I've run several simulations of the system confirming Eq. $$(1)$$. I give one example here: $$\phi=0.8$$, $$\psi=0.4$$, $$x[-1]=1$$, $$y[-1]=1$$. Eq. $$(1)$$ predicts a final value of $$y[\infty]=37$$, which is also the result of the simulation: • Thanks for pitching in Matt. I am grateful. I am sure we can get a working answer. I think we are getting hung up on the "if the system is stable" mantra. If you look at the transfer function you will see that this system has memory. The inputs leave a indelible mark on the output that never decays. Simulate it and you'll see. It's a quick exercise in excel, python or whatever your favorite mock up tool. The answer is not $H(1)x$ – OldSchool Nov 22 '20 at 0:23
• well, Mark, we tried. "you can lead a horse to water..." – robert bristow-johnson Nov 22 '20 at 0:27
• @Matt An easy way to see that the system has memory is to write it in the time domain. For the simple case where $\psi = 0$ then $\Delta y[n] = \phi \cdot F_{\phi}$'s infinite sum. So Y is just a converging integral. Convergence is guaranteed by the nature of $F$, which I've specified. And just like any proper integral,I can change its value through the integration constant c or in this case y's initial value $y[-1]$. Ergo. initial conditions do affect the final state of this system. The question is how to calculate that in a systematic general way – OldSchool Nov 22 '20 at 0:54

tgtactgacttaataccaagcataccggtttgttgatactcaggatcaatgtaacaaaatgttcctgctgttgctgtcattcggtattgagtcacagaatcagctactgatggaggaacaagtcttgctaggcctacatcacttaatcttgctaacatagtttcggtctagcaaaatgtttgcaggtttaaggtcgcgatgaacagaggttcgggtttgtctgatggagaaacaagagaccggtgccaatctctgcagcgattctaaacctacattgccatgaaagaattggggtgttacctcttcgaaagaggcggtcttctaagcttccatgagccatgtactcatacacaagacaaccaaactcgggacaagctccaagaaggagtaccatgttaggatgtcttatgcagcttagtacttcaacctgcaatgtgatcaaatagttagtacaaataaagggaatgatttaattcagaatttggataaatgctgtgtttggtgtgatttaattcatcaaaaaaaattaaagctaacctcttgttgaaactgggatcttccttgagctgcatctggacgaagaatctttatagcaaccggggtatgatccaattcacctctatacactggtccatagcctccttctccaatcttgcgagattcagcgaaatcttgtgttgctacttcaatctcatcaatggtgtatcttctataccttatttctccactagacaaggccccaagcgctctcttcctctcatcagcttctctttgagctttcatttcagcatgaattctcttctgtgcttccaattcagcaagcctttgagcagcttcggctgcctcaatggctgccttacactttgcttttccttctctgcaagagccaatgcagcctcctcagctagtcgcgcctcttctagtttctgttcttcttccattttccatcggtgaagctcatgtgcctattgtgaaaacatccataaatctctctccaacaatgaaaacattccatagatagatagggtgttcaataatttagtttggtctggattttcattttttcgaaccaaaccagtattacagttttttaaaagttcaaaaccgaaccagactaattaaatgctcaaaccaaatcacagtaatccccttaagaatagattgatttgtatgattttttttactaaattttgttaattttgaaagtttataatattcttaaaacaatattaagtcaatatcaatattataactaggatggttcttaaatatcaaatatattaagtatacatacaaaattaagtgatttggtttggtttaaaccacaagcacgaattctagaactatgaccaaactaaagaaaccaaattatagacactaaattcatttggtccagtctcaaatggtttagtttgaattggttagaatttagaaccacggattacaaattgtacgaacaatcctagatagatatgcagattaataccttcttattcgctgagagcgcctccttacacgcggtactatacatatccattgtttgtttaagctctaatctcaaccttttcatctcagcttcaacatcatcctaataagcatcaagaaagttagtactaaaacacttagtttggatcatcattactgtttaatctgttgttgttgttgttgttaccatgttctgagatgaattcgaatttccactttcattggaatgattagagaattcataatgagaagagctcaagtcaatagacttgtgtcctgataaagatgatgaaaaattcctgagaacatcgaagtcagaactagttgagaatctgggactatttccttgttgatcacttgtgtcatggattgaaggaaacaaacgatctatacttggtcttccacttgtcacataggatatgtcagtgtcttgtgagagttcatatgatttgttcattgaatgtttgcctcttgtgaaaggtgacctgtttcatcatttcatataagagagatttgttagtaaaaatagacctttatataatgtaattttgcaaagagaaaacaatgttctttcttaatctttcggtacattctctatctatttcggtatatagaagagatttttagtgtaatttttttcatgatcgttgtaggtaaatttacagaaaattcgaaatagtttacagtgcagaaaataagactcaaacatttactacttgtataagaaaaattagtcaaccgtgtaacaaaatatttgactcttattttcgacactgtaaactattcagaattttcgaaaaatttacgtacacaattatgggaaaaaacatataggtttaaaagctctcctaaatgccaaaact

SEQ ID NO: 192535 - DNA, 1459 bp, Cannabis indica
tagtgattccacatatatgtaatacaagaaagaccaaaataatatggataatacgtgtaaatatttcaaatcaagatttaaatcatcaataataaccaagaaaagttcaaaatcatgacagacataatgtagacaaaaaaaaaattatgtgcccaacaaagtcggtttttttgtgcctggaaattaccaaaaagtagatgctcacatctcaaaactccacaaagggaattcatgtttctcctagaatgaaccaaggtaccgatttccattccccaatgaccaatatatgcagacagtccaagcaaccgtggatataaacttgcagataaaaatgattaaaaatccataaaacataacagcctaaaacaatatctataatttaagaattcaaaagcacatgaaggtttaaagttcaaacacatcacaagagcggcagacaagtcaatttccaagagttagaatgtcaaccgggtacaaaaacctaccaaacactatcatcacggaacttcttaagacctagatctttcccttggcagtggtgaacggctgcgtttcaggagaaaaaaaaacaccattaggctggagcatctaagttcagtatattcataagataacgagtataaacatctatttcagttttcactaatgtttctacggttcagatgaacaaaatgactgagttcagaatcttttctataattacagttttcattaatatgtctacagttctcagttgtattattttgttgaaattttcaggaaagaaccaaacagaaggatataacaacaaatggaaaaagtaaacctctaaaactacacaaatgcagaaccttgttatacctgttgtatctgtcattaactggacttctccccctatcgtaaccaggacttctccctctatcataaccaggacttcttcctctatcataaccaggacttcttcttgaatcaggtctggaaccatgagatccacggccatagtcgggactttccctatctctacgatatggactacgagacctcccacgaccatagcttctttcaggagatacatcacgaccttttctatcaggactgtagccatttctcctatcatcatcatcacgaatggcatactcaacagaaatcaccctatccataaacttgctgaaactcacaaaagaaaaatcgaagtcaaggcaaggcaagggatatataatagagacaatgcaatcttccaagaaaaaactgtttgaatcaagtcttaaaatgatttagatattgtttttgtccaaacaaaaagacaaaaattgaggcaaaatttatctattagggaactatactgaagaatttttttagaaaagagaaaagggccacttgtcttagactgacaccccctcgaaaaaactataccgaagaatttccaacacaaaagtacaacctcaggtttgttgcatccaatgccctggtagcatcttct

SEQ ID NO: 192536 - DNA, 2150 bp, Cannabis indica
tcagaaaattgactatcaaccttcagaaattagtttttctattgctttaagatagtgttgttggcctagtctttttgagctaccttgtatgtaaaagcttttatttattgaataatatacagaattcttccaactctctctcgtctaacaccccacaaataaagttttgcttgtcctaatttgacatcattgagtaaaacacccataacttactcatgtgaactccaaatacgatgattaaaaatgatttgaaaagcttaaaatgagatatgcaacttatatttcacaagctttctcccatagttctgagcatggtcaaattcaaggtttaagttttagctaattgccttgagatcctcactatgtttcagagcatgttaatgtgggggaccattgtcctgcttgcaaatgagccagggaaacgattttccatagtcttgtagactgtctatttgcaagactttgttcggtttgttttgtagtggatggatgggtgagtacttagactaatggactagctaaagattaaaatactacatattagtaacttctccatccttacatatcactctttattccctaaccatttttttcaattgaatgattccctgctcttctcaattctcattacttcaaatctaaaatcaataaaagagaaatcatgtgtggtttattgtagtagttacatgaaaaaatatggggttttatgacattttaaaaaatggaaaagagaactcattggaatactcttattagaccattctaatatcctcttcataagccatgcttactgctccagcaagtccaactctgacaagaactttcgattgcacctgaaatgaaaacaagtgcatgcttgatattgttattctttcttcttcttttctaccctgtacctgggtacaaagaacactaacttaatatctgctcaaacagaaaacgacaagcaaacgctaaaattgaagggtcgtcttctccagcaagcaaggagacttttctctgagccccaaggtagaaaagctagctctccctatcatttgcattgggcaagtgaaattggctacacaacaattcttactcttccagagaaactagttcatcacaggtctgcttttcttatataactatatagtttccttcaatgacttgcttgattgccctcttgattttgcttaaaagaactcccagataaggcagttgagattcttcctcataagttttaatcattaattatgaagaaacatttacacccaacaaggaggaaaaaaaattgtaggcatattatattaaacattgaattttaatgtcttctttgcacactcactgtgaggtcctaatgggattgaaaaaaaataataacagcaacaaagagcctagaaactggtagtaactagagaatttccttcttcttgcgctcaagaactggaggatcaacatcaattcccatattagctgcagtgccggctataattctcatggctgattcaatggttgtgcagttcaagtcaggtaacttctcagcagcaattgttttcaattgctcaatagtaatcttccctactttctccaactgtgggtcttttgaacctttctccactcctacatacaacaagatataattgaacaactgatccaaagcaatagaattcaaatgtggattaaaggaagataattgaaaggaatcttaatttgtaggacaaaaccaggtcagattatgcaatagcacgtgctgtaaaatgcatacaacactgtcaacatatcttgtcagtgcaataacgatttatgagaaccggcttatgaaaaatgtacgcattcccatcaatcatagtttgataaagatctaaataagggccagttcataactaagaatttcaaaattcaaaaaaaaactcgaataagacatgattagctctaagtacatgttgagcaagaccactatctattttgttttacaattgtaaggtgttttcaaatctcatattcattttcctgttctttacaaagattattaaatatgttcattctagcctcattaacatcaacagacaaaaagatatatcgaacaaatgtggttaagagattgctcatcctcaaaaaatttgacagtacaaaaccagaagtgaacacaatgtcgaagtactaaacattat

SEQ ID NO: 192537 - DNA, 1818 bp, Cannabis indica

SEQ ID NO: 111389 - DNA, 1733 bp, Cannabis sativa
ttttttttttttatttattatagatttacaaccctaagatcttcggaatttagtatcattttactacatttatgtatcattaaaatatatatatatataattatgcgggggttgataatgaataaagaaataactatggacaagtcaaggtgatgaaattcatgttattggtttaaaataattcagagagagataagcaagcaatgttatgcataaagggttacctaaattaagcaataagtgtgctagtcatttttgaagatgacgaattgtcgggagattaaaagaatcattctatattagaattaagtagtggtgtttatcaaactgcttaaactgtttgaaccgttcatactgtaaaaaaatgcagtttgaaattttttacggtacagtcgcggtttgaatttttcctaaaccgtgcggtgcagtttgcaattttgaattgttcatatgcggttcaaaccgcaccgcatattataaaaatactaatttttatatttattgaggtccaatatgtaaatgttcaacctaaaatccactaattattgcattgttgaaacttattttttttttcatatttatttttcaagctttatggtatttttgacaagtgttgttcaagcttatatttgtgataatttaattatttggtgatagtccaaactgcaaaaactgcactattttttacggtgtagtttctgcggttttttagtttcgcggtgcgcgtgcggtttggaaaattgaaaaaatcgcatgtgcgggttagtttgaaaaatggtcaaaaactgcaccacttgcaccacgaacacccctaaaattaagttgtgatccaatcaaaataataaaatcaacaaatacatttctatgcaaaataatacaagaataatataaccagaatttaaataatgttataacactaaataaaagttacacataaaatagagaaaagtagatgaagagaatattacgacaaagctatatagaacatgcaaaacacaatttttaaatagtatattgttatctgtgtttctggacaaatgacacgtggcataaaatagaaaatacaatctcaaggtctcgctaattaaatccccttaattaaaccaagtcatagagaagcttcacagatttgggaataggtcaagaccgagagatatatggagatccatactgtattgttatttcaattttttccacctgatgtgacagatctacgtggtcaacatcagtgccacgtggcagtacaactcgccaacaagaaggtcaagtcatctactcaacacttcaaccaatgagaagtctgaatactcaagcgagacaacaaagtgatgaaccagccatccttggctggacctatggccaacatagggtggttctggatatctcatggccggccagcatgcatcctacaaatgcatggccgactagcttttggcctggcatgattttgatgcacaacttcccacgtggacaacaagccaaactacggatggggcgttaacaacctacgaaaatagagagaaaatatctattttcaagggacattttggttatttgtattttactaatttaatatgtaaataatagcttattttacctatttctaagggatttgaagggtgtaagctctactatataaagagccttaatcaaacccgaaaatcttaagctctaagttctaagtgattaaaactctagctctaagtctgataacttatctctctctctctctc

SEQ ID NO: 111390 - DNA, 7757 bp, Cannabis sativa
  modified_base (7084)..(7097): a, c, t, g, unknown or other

• @Matt I think the time domain to z domain conversion destroys the information we need as a result of the unilateral z transform assuming all is 0 prior to $n=0$. The very simplified system's time domain specification is $y[n] = y[n-1] + F_{\phi}(x[n-1])$ which, given the specified form of $F$, is clearly a convergent infinite sum, which of course depends on initial values $x[-1]$ and $y[-1]$. However when you transform that into the z domain $Y = X \cdot \frac{ \phi z^{-1} }{1 - \phi z^{-1}}$ and then back to the time domain, you get $y[n] = \phi \cdot (y[n-1] + x[n-1])$ – OldSchool Nov 22 '20 at 1:52
• @Matt which is only the same thing if $x[-1] = y[-n] = 0$. My initial question had time domain notation aiming to make that clear (unsuccessfully). I was persuaded to transform into the z domain but in retrospect that hides the problem. Where do we go from here? – OldSchool Nov 22 '20 at 1:52